The New York Times announced on Wednesday it is opening a Newsroom Culture and Careers Department following the publication of an internal report earlier this year that found the organization to be an unwelcoming environment for some employees.
Deputy managing editor Carolyn Ryan said in a message to colleagues that the newspaper has "set the standard for the industry in so many areas" and "will now lead in creating a nurturing, enriching and equitable environment for our staff to do its best work."
"Our central aim is to demystify how people thrive and get ahead at The Times, and help more people do so. That’s why today we are announcing the creation of our Newsroom Culture and Careers department, and the appointment of an extraordinary group of leaders to oversee it with me," Ryan said. "We believe newsroom staffers should not have to struggle to get career advice and guidance, build new skills or gain new experiences."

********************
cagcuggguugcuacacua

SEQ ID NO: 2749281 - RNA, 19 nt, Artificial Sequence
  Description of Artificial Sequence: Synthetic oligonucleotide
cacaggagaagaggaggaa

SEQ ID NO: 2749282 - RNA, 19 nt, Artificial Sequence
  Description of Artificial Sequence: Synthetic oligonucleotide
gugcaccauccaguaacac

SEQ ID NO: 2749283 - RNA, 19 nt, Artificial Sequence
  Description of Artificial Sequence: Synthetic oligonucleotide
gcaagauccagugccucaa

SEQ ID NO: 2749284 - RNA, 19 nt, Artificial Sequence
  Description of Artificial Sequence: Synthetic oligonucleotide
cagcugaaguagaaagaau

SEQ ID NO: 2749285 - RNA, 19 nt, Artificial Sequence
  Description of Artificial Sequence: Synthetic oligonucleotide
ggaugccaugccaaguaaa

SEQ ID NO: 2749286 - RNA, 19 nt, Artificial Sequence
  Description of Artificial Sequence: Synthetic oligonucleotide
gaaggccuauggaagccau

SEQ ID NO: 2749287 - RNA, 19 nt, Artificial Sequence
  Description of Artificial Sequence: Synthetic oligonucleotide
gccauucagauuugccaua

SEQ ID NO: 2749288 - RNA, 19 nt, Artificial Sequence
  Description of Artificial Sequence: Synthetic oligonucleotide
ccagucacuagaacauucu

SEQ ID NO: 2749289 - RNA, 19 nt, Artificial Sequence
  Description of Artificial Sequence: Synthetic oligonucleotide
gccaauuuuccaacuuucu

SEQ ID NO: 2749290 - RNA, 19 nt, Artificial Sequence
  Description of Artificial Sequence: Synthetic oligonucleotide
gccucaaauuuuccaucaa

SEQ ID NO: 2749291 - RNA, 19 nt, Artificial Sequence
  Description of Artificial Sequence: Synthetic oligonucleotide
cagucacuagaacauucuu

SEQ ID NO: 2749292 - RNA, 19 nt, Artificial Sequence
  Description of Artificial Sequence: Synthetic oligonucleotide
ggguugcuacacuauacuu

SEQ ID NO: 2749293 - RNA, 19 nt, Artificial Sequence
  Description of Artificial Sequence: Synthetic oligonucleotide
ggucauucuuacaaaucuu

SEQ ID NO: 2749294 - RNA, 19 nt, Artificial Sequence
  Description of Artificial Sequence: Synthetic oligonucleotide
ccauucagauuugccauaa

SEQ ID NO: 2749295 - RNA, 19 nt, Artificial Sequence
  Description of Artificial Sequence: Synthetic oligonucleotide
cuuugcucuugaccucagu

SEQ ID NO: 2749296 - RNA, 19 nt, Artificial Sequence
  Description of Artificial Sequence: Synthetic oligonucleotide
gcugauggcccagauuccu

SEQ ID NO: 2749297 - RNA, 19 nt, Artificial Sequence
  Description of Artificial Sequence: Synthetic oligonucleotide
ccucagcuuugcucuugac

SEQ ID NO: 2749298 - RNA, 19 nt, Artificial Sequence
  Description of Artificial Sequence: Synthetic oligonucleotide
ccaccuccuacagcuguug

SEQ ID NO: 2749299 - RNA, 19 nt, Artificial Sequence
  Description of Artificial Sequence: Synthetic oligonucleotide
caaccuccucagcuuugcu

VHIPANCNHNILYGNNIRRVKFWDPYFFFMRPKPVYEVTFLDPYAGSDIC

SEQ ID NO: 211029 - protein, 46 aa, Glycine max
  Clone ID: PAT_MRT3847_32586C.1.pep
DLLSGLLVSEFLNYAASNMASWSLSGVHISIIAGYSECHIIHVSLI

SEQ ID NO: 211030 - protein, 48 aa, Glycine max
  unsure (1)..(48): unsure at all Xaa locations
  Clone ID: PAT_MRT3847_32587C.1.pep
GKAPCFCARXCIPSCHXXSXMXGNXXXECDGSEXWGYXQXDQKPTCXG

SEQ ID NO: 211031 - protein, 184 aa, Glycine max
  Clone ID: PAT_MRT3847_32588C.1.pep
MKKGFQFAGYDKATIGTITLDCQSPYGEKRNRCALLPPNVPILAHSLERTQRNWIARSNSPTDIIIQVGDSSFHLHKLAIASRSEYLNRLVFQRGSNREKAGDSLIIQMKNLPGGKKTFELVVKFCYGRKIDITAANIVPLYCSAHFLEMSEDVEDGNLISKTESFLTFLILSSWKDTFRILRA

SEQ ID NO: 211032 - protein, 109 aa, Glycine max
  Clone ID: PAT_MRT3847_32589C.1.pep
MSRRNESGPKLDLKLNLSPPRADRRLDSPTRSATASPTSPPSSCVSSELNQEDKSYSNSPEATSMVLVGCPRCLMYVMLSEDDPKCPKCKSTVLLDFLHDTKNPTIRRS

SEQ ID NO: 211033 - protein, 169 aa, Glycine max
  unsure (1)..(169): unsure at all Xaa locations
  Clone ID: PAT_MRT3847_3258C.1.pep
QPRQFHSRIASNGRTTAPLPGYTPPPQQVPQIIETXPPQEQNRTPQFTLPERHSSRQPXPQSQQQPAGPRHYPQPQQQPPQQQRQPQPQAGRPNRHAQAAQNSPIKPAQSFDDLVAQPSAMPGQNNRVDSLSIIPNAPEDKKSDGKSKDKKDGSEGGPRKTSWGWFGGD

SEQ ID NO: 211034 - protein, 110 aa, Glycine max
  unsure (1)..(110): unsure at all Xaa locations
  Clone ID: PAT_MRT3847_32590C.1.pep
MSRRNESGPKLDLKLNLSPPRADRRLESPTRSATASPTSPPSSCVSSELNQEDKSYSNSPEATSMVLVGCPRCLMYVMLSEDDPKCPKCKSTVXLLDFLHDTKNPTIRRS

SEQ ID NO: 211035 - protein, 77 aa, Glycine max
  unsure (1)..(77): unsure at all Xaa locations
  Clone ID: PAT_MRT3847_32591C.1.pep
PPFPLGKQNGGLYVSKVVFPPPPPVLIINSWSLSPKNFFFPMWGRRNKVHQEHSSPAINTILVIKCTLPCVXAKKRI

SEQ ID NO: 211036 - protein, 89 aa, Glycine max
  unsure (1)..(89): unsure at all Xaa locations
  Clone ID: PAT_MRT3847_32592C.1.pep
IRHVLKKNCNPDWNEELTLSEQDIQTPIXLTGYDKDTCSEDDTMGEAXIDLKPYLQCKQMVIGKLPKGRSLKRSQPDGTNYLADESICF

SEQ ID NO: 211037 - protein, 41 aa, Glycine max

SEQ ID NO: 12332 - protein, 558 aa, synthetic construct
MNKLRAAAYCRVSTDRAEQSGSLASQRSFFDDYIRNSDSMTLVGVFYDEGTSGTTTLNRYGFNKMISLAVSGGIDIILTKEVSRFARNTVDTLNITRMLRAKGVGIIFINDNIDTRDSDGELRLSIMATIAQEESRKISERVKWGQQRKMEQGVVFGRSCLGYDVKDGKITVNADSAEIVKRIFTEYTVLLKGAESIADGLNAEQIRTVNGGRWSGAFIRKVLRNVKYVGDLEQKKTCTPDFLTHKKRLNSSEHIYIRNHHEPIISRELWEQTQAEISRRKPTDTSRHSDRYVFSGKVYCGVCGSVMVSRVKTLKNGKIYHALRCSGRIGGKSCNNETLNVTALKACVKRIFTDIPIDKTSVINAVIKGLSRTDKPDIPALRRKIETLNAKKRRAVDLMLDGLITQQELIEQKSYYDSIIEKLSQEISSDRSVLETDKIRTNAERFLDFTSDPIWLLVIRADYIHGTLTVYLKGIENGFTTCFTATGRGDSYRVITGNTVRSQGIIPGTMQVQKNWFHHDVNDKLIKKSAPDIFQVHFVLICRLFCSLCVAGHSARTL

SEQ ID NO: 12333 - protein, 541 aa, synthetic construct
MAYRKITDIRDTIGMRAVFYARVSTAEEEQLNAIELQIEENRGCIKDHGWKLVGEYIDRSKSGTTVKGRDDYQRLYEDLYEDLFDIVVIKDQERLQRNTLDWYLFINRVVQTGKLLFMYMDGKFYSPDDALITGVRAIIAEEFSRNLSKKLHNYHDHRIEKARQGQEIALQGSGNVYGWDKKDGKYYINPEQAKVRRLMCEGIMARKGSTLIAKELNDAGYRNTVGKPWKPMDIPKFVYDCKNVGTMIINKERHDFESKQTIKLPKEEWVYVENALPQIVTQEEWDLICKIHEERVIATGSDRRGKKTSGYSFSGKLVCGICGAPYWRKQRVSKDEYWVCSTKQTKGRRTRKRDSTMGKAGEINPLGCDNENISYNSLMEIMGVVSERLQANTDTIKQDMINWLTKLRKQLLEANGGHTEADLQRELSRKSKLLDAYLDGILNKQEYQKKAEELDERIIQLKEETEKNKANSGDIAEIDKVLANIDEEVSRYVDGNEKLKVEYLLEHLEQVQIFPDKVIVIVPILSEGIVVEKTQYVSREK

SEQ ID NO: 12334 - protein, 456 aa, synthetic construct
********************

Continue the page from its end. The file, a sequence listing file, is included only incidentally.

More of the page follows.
The sweeping report, commissioned internally and conducted over eight months, was published in February and found the Times to sometimes be a “difficult environment,” especially as experienced by “people of color, many of whom described unsettling and sometimes painful day-to-day workplace experiences.”
"You need two kinds of mentors at The Times,’” the report stated. "One for career growth, then another to navigate. I don’t know of another company that needs the second one quite so much.’”
The report followed the departure of two senior journalists at the Times, audio producer Andy Mills and science reporter Donald McNeil, who left after being the focus of complaints by employees at the Times.
The new department will be headed up by six newsroom leaders, five women and one man, who will "work in close partnership with our colleagues in Human Resources," Ryan said.
"Our mission is to create the most effective, accessible and well-utilized career and culture department in the industry," she added.